When Hanif Abdurraquib started reading his work at Greenlight last Thursday in Brooklyn, I couldn’t see him from where I was. The front of the bookstore felt at—or beyond—capacity and I found myself house left, crowded-in and back by the registers, my hands deep in my coat, a scarf double-knotted around my neck.
Hanif and the other featured poets of the event, Natalie Eilbert and Safiya Sinclair, were out of view, but there at the ending of the night his voice was a warm, almost tidal rumble filling the room. “One Side of an Interview with the Ghost of Marvin Gaye” must have been the second or third poem he shared and what I haven’t been able to shake is the way he read it—how he paused with a brief intake of air after the title, said “Answer:” (expanding aloud the "A:" of the text), and paused once more before moving on.
In her lecture, "Madness, Rack, and Honey," Mary Ruefle channels Galway Kinnell for an instant, his musing that "the secret title of every good poem might be 'Tenderness'" and I am wondering now if we shouldn't humbly add to our sensing such hidden undercurrents.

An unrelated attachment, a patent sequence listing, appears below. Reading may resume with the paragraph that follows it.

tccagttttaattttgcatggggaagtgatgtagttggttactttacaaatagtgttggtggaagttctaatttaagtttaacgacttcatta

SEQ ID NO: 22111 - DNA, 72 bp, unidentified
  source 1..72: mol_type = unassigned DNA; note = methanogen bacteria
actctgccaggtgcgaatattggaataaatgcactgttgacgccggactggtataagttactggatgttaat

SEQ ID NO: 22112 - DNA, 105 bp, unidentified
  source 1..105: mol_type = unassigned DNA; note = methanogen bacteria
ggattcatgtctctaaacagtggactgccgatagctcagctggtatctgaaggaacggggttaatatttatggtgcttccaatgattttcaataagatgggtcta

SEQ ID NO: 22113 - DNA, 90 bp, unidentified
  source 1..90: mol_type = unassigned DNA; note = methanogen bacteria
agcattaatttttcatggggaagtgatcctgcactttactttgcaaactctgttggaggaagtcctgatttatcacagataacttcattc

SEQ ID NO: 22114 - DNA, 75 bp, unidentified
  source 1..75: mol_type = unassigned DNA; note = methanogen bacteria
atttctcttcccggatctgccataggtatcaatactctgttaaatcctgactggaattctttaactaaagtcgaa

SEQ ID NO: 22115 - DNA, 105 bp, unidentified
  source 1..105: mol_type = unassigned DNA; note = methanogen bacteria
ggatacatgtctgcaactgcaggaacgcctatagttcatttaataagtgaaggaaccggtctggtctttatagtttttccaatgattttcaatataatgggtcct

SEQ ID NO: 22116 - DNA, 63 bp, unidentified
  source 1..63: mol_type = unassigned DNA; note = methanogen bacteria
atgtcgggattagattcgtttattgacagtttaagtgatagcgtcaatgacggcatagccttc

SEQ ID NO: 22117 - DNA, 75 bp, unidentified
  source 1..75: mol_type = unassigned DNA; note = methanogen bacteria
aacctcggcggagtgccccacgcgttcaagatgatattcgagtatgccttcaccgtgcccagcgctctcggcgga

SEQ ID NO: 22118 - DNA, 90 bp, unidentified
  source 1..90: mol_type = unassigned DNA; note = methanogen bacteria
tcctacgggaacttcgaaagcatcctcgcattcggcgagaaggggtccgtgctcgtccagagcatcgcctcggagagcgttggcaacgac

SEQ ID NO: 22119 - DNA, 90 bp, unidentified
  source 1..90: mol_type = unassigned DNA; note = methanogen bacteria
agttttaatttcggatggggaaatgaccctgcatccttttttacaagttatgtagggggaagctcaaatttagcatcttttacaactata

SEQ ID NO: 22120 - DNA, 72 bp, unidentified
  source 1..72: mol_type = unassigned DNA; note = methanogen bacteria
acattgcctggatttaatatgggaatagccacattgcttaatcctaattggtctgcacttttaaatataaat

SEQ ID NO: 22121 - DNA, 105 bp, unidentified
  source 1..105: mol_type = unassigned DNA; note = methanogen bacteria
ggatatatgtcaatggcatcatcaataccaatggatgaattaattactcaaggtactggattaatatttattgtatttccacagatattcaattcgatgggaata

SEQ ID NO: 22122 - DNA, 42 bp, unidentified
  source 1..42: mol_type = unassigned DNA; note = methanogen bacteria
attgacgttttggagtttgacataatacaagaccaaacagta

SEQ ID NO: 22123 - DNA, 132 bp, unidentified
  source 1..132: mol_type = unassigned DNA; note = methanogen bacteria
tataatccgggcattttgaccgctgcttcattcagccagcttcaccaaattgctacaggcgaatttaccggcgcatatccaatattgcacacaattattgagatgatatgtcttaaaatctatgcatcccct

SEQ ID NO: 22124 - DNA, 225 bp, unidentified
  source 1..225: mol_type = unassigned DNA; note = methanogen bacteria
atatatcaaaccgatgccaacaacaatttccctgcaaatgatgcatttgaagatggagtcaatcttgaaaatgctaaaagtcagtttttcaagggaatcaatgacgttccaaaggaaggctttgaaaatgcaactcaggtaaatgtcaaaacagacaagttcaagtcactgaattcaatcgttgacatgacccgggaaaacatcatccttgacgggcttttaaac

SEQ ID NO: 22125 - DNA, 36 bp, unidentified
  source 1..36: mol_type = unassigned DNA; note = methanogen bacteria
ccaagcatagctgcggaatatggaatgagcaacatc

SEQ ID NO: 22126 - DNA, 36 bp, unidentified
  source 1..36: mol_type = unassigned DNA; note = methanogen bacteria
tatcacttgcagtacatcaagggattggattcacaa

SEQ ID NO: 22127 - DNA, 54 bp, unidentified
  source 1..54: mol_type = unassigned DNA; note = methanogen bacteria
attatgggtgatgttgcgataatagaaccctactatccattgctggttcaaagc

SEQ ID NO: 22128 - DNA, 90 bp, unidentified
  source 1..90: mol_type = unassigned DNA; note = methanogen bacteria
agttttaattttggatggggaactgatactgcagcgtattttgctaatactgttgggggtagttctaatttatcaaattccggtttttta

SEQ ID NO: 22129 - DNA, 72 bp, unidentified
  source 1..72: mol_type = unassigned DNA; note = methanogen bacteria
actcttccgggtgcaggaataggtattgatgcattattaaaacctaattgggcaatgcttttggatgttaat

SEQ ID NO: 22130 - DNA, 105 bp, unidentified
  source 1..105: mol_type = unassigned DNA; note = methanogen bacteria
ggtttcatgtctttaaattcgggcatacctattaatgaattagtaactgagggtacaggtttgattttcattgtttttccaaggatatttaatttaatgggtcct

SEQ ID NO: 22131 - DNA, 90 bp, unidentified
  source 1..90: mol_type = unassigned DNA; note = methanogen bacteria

Perhaps what Hanif, Ama Codjoe, Valgerður Þóroddsdóttir and K. B. Thors, and this Dispatch suggest is that poems in their own strange ways start with "Answer:" even without announcing it, framing for us their talking back, their "This is not a coming to terms," their "grope in the dark / [to] find something / only to lose it again."
Because I’m preparing course notes and materials for the coming spring, I'm trying once again to articulate for myself—and for these classes I have yet to meet—something about why certain poems and translations matter, how they work to illuminate and trouble, enliven and undo.
And so perhaps every poem that means something to me these days risks being christened "Tenderness," risks beginning with "Answer:" before, inevitably, turning and turning in its own intimate contradictions. Visible or not, audible or thrumming at some private frequency, I hear those two words now, affirming that the poem that follows must be a response to what history or memory, the body or faith, grief or whatever haunts us asks of us.